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Seasonal campfire restrictions commence in national parks and reserves


Restrictions on campfires, pot fires and other solid fuel stoves will come in to place from Saturday 28th September at identified Parks and Wildlife Service campgrounds around the State to help reduce the risk of bushfires.More

Fly Neighbourly Advice for the Tasman National Park


Public comment is invited on the draft Tasman National Park Fly Neighbourly Advice. The draft Fly Neighbourly Advice has been prepared by the Tasmania Parks and Wildlife Service in response to increasing air traffic over the Tasman National Park.More

Hybrid diesel-electric shuttle buses at Cradle Mountain - a first for National p


When you next visit Cradle Mountain you will be able to step aboard one of the new hybrid, diesel-electric, shuttle buses on your trip to Dove Lake. These new buses will reduce emissions and deliver a quieter, all mobility friendly, visitor experience.More

Tamar River Conservation Area


The Tamar Island Wetlands reserve is approximately 60 hectares of mud flats, lagoons and islands.  The seven hectare Tamar Island rises to approximately 20 metres above sea level, affording an excellent view of the surrounding landscape.


Early in the 1800s the West Tamar region was developed and cleared for farmland.  Convict labour was used to drain the wetlands along the foreshore and levee banks were built to keep tidal waters back from reclaimed pasture and cropping land. Inter-connecting drainage channels were dug so that any excess water collecting in the low-lying paddocks could be drained into the main estuary channel.

In the 1950s farming along the western section of the upper Tamar Estuary virtually ceased and the levee banks began to fall into disrepair. Gradually the Estuary is reclaiming its original wetlands and native flora and fauna species are moving back and recolonising the former farmland.

The wreck of thye Platypus

The wreck of the dredge, Platypus
(Photography by Julie Nermut)

Silting of the main channel in the Tamar Estuary has been a problem for shipping for nearly two centuries. In an effort to increase the flow of water in the main channel approximately 14 vessels, mainly barges, were sunk between Tamar Island and the foreshore from 1926 to 1971. The idea was to increase the water flow through the main section of the estuary, which would help to scour the channel. Some of the remaining wrecks can still be seen today, including the bucket dredge, Playtpus.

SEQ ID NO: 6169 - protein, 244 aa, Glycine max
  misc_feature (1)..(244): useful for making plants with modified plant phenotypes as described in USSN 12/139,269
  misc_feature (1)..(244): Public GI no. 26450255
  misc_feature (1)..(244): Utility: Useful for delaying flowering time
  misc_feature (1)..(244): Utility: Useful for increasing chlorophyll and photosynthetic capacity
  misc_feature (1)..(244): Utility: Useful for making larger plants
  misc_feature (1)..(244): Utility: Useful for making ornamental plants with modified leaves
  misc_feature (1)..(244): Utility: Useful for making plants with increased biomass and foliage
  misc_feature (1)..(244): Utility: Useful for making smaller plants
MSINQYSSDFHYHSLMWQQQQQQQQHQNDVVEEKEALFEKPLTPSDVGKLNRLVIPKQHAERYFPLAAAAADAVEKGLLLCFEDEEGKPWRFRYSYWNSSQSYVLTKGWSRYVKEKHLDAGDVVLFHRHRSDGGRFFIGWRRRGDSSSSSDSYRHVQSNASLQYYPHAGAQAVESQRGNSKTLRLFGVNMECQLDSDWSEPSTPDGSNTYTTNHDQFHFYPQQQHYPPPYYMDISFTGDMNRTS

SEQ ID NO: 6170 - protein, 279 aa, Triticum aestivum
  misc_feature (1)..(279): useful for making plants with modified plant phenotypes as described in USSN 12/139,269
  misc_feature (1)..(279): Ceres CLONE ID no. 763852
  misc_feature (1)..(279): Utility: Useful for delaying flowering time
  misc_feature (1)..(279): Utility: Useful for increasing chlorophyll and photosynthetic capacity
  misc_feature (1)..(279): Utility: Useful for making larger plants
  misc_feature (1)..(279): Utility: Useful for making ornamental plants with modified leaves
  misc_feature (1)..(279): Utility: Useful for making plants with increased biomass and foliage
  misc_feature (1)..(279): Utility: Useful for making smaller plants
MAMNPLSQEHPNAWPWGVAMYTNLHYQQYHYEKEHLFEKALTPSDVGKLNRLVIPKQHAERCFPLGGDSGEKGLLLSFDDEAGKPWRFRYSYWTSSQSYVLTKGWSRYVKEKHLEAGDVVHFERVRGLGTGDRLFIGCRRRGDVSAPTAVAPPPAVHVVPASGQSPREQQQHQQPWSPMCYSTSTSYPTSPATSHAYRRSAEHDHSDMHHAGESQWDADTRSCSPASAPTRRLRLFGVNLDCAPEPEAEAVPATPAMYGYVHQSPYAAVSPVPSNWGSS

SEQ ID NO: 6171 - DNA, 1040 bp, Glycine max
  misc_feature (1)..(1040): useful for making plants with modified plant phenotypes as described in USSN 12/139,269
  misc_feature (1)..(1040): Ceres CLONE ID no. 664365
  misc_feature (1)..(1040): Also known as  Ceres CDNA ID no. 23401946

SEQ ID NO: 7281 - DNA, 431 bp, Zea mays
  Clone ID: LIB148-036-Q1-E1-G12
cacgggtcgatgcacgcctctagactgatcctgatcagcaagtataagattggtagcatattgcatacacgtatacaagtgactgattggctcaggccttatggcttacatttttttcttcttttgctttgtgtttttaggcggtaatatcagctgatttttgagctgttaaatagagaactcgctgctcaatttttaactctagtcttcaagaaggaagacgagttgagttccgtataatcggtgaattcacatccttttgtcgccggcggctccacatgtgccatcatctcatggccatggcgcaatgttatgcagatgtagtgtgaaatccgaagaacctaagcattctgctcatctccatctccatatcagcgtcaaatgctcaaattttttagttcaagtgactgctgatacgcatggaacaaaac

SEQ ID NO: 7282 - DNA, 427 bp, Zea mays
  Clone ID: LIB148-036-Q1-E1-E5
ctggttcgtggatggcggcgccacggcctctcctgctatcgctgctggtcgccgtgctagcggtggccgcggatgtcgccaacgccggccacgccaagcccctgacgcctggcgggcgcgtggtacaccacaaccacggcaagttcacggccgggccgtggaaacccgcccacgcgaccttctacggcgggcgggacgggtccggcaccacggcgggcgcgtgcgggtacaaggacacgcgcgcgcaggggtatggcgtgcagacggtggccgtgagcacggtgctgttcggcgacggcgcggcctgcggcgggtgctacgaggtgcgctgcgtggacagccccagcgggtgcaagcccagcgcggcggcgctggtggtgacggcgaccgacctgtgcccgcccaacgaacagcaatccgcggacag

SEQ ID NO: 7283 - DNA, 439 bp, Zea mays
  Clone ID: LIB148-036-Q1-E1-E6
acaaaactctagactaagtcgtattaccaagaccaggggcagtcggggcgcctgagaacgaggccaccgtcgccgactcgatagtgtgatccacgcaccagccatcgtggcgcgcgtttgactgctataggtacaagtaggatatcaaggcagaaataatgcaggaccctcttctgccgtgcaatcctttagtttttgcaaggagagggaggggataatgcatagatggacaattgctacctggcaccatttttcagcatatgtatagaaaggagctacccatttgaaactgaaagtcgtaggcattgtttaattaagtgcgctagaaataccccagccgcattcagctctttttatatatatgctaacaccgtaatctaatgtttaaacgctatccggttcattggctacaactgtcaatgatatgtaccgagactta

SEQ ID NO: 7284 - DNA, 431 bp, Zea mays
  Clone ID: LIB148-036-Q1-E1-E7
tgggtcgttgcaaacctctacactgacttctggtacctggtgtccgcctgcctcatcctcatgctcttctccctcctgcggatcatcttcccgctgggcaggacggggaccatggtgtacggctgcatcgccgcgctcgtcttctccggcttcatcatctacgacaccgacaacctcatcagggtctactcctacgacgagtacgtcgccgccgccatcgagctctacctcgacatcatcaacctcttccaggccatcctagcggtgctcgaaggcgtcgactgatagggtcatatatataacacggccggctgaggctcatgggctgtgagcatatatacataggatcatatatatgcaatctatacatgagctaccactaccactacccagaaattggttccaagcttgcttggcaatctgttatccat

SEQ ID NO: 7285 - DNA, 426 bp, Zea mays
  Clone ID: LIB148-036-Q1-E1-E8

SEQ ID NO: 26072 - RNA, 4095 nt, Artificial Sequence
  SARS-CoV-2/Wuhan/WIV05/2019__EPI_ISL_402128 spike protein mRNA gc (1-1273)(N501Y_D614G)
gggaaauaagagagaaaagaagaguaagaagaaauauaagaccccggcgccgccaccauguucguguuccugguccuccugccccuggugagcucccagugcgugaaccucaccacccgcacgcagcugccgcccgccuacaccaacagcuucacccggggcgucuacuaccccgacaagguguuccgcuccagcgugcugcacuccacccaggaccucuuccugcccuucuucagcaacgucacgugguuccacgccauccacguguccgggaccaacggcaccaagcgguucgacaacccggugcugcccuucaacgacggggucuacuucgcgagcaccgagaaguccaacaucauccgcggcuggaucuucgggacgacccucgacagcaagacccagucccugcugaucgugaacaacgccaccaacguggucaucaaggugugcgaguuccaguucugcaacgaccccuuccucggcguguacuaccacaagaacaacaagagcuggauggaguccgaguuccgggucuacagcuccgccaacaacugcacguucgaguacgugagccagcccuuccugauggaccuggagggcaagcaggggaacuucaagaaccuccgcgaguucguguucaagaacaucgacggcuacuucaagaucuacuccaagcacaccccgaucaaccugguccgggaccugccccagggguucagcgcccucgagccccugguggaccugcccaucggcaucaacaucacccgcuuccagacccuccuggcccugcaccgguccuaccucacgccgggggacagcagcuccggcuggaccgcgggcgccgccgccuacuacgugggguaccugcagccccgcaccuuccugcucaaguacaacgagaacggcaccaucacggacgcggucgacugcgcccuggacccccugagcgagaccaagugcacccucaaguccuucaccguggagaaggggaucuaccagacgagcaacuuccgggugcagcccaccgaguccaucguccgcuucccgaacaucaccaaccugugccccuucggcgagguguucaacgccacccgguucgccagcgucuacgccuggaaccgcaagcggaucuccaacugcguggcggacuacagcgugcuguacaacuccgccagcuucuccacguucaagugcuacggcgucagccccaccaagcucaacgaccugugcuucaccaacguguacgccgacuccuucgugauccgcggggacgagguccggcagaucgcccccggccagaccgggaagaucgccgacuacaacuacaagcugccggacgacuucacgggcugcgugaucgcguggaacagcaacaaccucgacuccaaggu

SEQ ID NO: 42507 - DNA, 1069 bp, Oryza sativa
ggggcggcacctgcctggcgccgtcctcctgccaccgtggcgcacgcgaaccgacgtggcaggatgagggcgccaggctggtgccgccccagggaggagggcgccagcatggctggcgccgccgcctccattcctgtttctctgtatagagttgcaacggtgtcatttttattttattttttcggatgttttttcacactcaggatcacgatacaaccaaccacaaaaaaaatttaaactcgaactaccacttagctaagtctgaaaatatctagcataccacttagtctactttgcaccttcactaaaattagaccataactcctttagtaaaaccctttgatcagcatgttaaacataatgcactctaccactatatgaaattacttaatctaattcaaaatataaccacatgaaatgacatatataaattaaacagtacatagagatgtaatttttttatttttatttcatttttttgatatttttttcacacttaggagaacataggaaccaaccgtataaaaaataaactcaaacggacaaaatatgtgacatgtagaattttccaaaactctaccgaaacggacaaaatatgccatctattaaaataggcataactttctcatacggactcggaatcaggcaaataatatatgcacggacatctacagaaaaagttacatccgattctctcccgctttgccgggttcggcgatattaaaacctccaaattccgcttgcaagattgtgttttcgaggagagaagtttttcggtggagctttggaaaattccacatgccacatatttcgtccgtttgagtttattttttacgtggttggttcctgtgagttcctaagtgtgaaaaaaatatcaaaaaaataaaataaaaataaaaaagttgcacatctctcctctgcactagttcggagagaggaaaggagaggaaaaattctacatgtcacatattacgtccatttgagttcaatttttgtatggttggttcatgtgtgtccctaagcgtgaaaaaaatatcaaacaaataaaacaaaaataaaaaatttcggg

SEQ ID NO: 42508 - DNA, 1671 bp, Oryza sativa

Further details of the history of the region are available for download as a PDF [22KB].

Ecology of the Tamar River Conservation Area

The Tamar River Conservation Area is part of an estuarine wetland. Such wetlands are important habitats for a wide diversity of plant and animal life.

The Tamar estuary is fed by the largest catchment in Tasmania and, at 70km, is the longest estuary in Australia. It is an important residential and recreational resource for many Tasmanians. It also remains the stronghold for one of Tasmania's poorly reserved vegetation communities - coastal paperbark forest.

Further details of the ecology of the Tamar River Conservation Area are available for download as a PDF[17KB].

Tamar Island Wetlands Interpretation
Centre (Photography by Geoff Lea)

Fauna and Flora

Tamar Island Wetlands have a wide range of plants, birds, reptiles, frogs, fish and invertebrates including a number of threatened species. Of course, all plants and animals within the reserve are protected, and no plant or animal samples should be taken from the Conservation Area.

Visitors are also alerted to the wetlands having been invaded by some plant and animal species, which have become invasive and are threatening the native species. It is therefore particularly important that no water be transferred between lagoons, channels or estuary waters. This is a particularly high risk method of transferring seed, eggs and live animals from one place to another, thereby enabling any pest species to spread further through the wetlands.

A prominent threat in the wetlands is from the pest fish Gambusia holbrooki. They were introduced into Tasmania in 1992 in the hope they would eat mosquito larvae but unfortunately, they eat less mosquito larvae than native fish do. They compete strongly for food and habitat with native fish as they breed up in the millions, have huge appetites and eat almost everything including frog and fish eggs. Gambusia are also highly aggressive, nipping the fins of larger fish and the tails of tadpoles. This behaviour impacts heavily on the vulnerable green and gold frog. Once established, Gambusia are extremely difficult to eradicate.

Further details of the fauna and flora of the region are available for download as a PDF [35KB].